Along the Natchez Trace

Wednesday, June 25, 2014

Alice Rumphius, The Lupine Lady

My children grew up with a love of reading and a love of books.  They had their favorites even as little kids.  I can't remember how old they were when we got "The Lupine Lady", by Barbara Cooney, but it quickly became one of their favorites.  We read it many, many times.  I remember that we bought lupine seeds and tried to grow them in our little garden.  But Ohio weather wasn't agreeable and we never did succeed.  When I had grandchildren, they, too were read about Miss Rumphius, the Lupine Lady.  Now I have a great granddaughter and am sure she's already heard about Miss Rumphius.

If you've never read the story, below is what I took off the internet:

The Lupine Lady is little and old. But she has not always been that way. I know. She is my great-aunt and she told me so. Once upon a time she was a little girl named Alice, who lived in a city by the sea…
In the evening Alice sat on her grandfather’s knee and listened to his stories of faraway places. When he had finished, Alice would say, “When I grow up, I too will go to faraway places, and when I grow old, I too will live beside the sea.”
“That is all very well, little Alice,” said her grandfather, “but there is a third thing you must do…You must do something to make the world more beautiful.”
“All right,” said Alice. But she did not know yet what that could be.
She grew up into a lady who worked in a library, who helped children and grown-ups find books to answer their questions and take them to faraway places with the turn of a page.
She traveled, just as she told her grandfather she would.
And she came to live beside the sea, just as she said she would. But she still did not know what she could do to make the world a more beautiful place. So she planted some flowers and waited for inspiration.
It came in the form of a backache that kept her indoors in her bed. From her window she could see her garden, brimming with lupines of blue and pink and purple.They brought her such comfort.
And she was even more overjoyed when the next year, feeling much better and happily out walking the hills, she spied lupines that grew from seed blown from her garden. And then she knew what she could do to bring beauty to the world…
All that summer Miss Rumphius, her pockets full of seed, wandered over fields and headlands, sowing lupines. She scattered seeds along the highways and down country lanes. She flung handfuls of them around the schoolhouse and back of the church. She tossed them into hollows and along stone walls.
My great aunt Alice, Miss Rumphius, is very old now. Her hair is very white…Now they call her the Lupine Lady…Often she tells us stories of faraway places.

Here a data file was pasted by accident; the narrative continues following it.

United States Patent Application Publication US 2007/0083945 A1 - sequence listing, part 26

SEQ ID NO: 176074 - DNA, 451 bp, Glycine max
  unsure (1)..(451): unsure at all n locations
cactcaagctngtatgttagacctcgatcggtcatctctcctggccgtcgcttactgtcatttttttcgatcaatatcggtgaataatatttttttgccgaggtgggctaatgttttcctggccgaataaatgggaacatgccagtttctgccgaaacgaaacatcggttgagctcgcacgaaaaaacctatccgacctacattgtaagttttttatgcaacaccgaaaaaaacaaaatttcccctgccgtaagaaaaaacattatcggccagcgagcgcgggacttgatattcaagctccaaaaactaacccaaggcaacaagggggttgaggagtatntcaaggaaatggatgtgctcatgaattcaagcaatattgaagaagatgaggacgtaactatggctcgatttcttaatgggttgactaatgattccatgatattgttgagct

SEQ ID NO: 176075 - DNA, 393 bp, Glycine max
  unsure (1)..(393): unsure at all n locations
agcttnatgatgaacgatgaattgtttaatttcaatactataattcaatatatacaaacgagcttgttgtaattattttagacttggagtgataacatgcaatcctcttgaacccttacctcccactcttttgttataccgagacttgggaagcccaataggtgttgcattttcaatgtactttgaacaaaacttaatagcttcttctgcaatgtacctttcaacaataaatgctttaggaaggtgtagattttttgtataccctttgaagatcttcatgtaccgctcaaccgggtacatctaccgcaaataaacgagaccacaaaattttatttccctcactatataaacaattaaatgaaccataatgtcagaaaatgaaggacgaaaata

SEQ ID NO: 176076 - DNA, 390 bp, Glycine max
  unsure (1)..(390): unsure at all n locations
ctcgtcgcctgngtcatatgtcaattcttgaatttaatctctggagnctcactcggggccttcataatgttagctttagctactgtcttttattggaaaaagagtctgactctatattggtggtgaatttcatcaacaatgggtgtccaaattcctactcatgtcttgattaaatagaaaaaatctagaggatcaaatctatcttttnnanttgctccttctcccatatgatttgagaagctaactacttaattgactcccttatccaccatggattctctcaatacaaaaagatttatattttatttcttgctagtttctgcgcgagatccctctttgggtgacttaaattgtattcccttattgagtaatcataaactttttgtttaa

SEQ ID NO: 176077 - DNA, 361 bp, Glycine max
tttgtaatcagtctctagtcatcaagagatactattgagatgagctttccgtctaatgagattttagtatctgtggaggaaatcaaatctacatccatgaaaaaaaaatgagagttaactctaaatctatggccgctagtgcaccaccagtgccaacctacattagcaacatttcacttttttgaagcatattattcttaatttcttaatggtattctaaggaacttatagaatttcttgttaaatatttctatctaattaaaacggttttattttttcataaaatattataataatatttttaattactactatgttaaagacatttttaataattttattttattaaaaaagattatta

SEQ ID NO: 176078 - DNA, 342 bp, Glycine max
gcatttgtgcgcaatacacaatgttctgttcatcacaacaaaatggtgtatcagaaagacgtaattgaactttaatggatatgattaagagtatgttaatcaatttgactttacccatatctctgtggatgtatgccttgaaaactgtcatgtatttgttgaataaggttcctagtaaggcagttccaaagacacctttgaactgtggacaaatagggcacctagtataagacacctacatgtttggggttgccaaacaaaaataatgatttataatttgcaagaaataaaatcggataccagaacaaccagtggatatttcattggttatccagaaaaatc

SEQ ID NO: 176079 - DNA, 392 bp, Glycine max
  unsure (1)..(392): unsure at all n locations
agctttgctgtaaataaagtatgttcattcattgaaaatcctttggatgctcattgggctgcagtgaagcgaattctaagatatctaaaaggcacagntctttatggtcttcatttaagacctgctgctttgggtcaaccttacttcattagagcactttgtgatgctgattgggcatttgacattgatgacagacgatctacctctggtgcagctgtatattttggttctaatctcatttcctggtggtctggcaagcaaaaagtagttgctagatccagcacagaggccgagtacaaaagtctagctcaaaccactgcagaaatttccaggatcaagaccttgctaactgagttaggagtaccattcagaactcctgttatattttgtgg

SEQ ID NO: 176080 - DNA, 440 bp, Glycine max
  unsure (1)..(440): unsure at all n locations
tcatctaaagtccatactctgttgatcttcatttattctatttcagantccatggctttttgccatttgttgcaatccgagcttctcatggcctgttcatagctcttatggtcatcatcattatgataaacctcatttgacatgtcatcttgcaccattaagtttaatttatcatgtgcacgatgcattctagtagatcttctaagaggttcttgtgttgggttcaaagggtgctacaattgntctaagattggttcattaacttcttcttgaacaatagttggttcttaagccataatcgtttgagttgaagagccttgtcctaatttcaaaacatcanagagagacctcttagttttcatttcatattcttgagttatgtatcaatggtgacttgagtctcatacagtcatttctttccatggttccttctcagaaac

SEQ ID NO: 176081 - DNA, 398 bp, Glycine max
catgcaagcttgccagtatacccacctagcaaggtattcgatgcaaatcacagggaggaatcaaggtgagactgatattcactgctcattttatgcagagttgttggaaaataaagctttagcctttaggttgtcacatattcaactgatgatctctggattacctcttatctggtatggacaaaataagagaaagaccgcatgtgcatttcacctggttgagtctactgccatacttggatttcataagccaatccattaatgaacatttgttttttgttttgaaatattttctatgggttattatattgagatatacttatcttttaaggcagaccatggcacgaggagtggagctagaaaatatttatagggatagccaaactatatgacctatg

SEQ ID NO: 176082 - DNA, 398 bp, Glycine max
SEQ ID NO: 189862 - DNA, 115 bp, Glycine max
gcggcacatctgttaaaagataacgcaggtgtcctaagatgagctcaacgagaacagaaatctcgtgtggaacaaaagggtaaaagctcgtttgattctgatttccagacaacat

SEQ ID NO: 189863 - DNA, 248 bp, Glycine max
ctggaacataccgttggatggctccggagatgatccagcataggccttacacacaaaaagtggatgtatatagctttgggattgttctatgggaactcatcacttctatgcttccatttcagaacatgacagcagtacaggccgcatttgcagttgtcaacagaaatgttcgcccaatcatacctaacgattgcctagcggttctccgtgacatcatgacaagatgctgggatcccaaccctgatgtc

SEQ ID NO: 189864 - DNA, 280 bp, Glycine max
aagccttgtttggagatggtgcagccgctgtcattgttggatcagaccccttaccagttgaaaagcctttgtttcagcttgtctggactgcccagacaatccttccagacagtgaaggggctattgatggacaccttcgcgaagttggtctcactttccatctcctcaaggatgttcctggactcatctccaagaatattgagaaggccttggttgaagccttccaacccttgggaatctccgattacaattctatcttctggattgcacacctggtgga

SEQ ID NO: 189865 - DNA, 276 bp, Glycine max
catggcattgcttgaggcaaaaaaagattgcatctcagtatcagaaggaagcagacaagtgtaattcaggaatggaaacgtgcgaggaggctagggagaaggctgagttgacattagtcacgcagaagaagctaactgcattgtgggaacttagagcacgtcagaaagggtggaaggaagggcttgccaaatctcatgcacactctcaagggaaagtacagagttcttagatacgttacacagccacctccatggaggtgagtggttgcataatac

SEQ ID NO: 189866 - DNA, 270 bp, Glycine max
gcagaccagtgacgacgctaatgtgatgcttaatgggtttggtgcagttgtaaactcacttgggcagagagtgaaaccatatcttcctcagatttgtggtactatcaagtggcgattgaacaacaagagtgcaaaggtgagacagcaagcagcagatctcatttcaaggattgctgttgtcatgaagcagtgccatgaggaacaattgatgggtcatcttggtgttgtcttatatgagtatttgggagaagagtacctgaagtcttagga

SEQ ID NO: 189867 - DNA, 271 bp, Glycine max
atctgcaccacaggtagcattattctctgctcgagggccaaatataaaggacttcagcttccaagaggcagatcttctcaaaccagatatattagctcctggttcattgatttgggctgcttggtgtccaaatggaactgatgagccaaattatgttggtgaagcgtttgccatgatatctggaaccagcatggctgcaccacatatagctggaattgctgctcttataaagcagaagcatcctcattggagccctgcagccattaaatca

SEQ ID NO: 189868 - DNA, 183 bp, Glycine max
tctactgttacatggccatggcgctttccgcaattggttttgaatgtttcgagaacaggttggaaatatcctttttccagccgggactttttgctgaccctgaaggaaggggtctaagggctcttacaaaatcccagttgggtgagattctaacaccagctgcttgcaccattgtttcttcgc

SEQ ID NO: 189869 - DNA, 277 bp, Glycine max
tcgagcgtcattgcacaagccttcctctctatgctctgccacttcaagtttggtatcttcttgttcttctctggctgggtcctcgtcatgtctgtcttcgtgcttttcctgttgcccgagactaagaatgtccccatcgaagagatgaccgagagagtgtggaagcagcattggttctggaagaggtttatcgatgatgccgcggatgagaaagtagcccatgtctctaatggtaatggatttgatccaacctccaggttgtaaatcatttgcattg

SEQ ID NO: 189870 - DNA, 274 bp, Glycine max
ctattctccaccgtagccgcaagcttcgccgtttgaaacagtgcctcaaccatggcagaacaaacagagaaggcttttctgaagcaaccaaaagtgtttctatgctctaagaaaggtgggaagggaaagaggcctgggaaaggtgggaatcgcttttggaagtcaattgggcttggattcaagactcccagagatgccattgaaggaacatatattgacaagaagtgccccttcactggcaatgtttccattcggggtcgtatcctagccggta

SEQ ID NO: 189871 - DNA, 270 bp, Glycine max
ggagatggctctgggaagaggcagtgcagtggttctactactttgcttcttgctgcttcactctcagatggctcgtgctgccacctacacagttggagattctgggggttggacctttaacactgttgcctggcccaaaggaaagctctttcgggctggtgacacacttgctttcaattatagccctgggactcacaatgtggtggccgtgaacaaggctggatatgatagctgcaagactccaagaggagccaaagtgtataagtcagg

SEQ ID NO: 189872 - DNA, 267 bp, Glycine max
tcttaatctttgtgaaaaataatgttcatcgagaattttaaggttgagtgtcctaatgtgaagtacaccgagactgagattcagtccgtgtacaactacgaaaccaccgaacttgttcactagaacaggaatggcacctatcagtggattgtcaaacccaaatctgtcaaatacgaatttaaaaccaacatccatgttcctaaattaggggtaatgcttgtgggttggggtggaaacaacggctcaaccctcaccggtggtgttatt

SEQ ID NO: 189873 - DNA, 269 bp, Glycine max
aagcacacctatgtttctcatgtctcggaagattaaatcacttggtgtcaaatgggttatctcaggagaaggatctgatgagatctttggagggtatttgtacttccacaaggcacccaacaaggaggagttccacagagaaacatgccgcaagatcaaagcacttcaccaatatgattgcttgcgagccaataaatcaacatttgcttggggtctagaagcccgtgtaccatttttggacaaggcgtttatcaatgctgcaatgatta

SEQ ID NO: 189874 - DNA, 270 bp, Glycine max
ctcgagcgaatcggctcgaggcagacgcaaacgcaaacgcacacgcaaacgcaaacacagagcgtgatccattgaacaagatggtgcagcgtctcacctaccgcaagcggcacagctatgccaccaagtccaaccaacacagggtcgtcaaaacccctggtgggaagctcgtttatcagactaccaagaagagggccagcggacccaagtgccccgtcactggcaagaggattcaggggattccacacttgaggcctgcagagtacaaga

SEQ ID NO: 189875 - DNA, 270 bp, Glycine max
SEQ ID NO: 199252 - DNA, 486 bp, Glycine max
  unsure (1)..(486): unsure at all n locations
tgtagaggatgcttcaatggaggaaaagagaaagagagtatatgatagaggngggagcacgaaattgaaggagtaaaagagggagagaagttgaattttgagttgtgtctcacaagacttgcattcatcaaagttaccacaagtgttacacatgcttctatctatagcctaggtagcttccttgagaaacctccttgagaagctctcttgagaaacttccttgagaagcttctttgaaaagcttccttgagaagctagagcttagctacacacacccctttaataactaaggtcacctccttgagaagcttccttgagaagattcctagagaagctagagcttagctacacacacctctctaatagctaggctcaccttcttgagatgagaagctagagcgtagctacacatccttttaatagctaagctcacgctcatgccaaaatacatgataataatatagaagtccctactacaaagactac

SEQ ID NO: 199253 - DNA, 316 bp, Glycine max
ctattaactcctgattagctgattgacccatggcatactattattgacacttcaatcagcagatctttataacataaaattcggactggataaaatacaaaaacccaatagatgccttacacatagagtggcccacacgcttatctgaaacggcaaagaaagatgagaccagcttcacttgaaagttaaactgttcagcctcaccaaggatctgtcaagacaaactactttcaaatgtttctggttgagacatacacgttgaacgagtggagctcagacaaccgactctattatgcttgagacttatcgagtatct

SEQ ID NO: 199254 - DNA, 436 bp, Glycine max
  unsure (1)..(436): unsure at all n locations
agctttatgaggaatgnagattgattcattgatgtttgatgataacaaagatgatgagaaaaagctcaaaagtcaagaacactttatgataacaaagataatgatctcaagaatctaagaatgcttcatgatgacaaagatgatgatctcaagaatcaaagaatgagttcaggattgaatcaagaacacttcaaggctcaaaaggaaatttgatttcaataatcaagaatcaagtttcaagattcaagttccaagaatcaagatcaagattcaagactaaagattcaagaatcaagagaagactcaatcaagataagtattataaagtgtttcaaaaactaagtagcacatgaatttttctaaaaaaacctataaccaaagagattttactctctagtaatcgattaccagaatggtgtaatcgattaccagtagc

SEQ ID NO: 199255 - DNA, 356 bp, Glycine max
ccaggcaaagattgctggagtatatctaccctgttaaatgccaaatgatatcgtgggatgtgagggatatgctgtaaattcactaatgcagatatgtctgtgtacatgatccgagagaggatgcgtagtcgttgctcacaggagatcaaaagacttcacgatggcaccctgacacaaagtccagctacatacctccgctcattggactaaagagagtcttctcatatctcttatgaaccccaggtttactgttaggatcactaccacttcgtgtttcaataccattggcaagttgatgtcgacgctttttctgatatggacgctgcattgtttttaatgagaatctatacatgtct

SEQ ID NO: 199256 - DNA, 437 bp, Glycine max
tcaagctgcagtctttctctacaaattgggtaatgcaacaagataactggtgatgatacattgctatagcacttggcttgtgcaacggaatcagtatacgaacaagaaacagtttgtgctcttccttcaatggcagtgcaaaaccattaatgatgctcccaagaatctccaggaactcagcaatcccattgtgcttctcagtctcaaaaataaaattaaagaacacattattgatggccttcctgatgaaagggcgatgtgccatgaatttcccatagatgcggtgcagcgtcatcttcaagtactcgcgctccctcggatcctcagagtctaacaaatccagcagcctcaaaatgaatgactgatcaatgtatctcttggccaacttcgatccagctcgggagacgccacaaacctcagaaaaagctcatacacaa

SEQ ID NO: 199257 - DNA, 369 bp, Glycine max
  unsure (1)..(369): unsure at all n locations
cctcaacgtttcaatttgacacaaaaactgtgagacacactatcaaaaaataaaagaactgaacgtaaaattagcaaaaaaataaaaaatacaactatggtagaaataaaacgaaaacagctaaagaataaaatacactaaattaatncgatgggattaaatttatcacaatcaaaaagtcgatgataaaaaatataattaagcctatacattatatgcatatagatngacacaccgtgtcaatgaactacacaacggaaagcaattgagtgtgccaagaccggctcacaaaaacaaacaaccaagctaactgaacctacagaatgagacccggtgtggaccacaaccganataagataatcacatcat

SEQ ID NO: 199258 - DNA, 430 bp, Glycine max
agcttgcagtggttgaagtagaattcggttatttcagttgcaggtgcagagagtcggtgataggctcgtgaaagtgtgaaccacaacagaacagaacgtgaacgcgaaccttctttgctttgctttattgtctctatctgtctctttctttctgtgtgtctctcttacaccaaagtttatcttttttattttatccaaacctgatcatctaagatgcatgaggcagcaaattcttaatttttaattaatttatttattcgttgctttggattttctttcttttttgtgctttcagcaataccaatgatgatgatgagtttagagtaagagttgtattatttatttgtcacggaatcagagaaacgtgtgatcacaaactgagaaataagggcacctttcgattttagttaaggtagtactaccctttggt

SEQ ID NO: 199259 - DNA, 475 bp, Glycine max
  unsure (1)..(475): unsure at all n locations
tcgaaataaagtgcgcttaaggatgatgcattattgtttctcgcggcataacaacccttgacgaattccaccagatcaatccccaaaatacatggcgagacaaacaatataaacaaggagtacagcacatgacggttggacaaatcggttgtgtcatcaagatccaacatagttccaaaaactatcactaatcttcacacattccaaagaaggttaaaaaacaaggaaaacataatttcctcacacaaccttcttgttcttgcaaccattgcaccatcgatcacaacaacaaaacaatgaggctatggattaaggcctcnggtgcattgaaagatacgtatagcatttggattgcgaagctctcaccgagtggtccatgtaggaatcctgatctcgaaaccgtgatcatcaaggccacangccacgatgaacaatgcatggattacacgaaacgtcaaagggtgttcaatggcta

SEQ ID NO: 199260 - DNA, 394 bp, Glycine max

‘When I grow up,” I tell her, “I too will go to faraway places and come home to live by the sea.”
“That is all very well, little Alice,” says my aunt, “but there is a third thing you must do..You must do something to make the world more beautiful.”
“All right,” I say.
But I do not know yet what that can be.  
 (Author.... Barbara Cooney)

I never saw wild lupines when I lived in Ohio...  it wasn't until we began to volunteer up here in northern Maine that I saw them in their natural setting.  They are blooming in profusion now...  on the hillsides and along the highway.  I cannot look at them without thinking of my son and daughter and remembering how much we all loved reading that book and its wonderful illustrations.  And I still believe that we must all do something to make the world more beautiful.

That's All For today!


  1. What a sweet story. Thanks. Becki

  2. What a sweet story. Thanks. Becki

  3. The Texas bluebonnet (Lupinus texensis) is a Lupine that really brightens up the Texas highways. Didn't Ladybird Johnson have something to do with planting the wild flowers along the Texas highways? She must be the Texas Lupine Lady, right?

  4. My daughter and I love the book about the Lupine Lady and she made me a quilt like the one in the book! Blue and white squares. It is so beautiful and very peaceful. BTW, we are 69 and 47! Just little kids! LOL

  5. And I sleep under it every night.

  6. And they are beautiful. A grand field of lupine!

  7. What a great story. Kind of like the Johnny Appleseed of lupines.

  8. A wonderful story that you shared with us, thanks.

  9. I have always loved that story!!! I'm a retired teacher and I have read that story to my kids many times. Brought back such great memories....thanks for sharing!!!

  10. I love that story! And lupines, ours are blooming everywhere--I have a bouquet on the table right now.

  11. That's a really neat story, and the Lupines are gorgeous. Thank you for sharing this! I should be back to blogging full time next week.

  12. have not heard this story! I love it… so well Adelle…

  13. I'd never heard this story. Thanks for the introduction!